September 19, 2017

Congress must reassert itself on use of military force

By Andrew Swick and Amy Schafer

Last Wednesday the Senate quietly rejected a proposal by Kentucky Senator Rand Paul to rescind the 2001 and 2002 Authorizations for the Use of Military Force (AUMF), which would have forced Congress to take a clear stance on the president’s actions overseas.

The Senate’s decision closely follows the announcement of President Trump’s new strategy for the war in Afghanistan, which was notably light on details and lacking in measures of success. By voting “no” on Senator Paul’s amendment, the Senate continues to abdicate their constitutional role in U.S. foreign policy, allowing the president to deploy American forces to places like Afghanistan without accountability.

Read the full op-ed in The Hill.

  • Commentary
    • March 3, 2021
    Sharper: Civil-Military Relations

    The so-called “civil-military divide” has increasingly defined the relationship between America's civil society and its armed forces....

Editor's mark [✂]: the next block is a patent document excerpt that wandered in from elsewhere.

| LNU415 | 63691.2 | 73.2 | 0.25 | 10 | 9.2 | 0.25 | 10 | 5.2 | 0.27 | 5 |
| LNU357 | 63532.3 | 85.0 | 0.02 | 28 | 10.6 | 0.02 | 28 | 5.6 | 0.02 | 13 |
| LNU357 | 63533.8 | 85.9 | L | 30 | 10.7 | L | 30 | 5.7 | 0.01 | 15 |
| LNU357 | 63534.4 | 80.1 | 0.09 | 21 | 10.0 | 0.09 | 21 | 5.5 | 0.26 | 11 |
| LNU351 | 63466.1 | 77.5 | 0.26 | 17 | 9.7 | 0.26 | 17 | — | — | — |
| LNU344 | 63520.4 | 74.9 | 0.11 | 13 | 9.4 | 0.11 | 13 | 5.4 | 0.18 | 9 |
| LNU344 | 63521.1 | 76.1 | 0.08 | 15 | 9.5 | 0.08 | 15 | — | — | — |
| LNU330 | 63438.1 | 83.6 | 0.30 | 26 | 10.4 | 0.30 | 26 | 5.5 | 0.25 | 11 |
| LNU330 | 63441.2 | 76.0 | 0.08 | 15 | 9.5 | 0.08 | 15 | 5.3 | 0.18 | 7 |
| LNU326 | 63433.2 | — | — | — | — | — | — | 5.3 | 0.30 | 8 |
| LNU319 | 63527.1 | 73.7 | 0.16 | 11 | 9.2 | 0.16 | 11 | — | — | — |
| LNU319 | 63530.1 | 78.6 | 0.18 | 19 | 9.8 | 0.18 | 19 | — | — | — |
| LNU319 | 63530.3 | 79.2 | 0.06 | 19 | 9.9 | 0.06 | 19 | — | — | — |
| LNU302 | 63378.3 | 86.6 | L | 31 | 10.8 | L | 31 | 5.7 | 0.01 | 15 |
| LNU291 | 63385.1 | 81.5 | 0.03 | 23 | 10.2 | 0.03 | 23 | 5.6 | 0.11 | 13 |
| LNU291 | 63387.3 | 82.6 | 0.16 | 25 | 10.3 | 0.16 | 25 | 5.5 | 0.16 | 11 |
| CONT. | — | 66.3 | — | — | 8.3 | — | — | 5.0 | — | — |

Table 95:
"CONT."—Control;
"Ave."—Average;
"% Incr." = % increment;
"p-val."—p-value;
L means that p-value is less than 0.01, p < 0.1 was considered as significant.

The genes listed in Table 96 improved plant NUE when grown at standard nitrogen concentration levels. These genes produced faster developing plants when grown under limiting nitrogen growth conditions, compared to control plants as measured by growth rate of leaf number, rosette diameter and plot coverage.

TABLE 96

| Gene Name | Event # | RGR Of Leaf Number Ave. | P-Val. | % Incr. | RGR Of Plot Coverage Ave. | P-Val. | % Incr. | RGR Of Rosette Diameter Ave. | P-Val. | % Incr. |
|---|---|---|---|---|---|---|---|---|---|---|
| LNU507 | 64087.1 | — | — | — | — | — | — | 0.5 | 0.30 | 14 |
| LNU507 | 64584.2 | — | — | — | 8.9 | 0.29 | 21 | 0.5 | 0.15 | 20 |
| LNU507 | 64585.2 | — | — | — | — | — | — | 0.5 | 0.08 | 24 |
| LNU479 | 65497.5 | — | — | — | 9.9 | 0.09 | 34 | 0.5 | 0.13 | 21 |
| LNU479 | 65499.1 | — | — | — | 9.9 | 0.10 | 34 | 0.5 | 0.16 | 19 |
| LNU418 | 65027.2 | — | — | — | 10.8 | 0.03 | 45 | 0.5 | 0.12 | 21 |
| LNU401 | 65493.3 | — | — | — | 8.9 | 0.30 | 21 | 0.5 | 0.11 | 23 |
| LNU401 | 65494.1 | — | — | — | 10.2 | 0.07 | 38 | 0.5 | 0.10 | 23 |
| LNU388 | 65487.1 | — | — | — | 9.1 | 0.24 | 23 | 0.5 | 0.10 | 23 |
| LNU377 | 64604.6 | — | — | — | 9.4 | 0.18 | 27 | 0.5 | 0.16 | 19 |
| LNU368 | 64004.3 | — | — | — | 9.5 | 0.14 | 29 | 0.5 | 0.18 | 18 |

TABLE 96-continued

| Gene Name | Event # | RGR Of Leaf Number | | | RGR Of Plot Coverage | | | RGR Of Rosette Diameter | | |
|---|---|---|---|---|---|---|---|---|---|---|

By Cole Stevens, Nathalie Grogan & Chris Estep

  • Commentary
    • Space News
    • March 1, 2021
    DoD weather capabilities have lagged; Space Force can turn that around

    Today, U.S. service members are at risk of losing the most up-to-date knowledge of weather conditions....

    By Sarah Mineiro

  • Commentary
    • Defense One
    • February 28, 2021
    Space Force Should Embrace the Natural Inclusivity of Space Nerds

    As the newest service branch finds its feet, it should embrace this ethos — a proven aid to recruitment, readiness, and mission success — as fundamental to its identity....

    By Sarah Mineiro

  • Podcast
    • February 25, 2021
    The Air War Against the Islamic State

    Becca Wasser and Stacie Pettyjohn are interviewed about the air war against the Islamic State that was critical to the territorial defeat of the group’s territorial caliphate ...

    By Becca Wasser

View All Reports View All Articles & Multimedia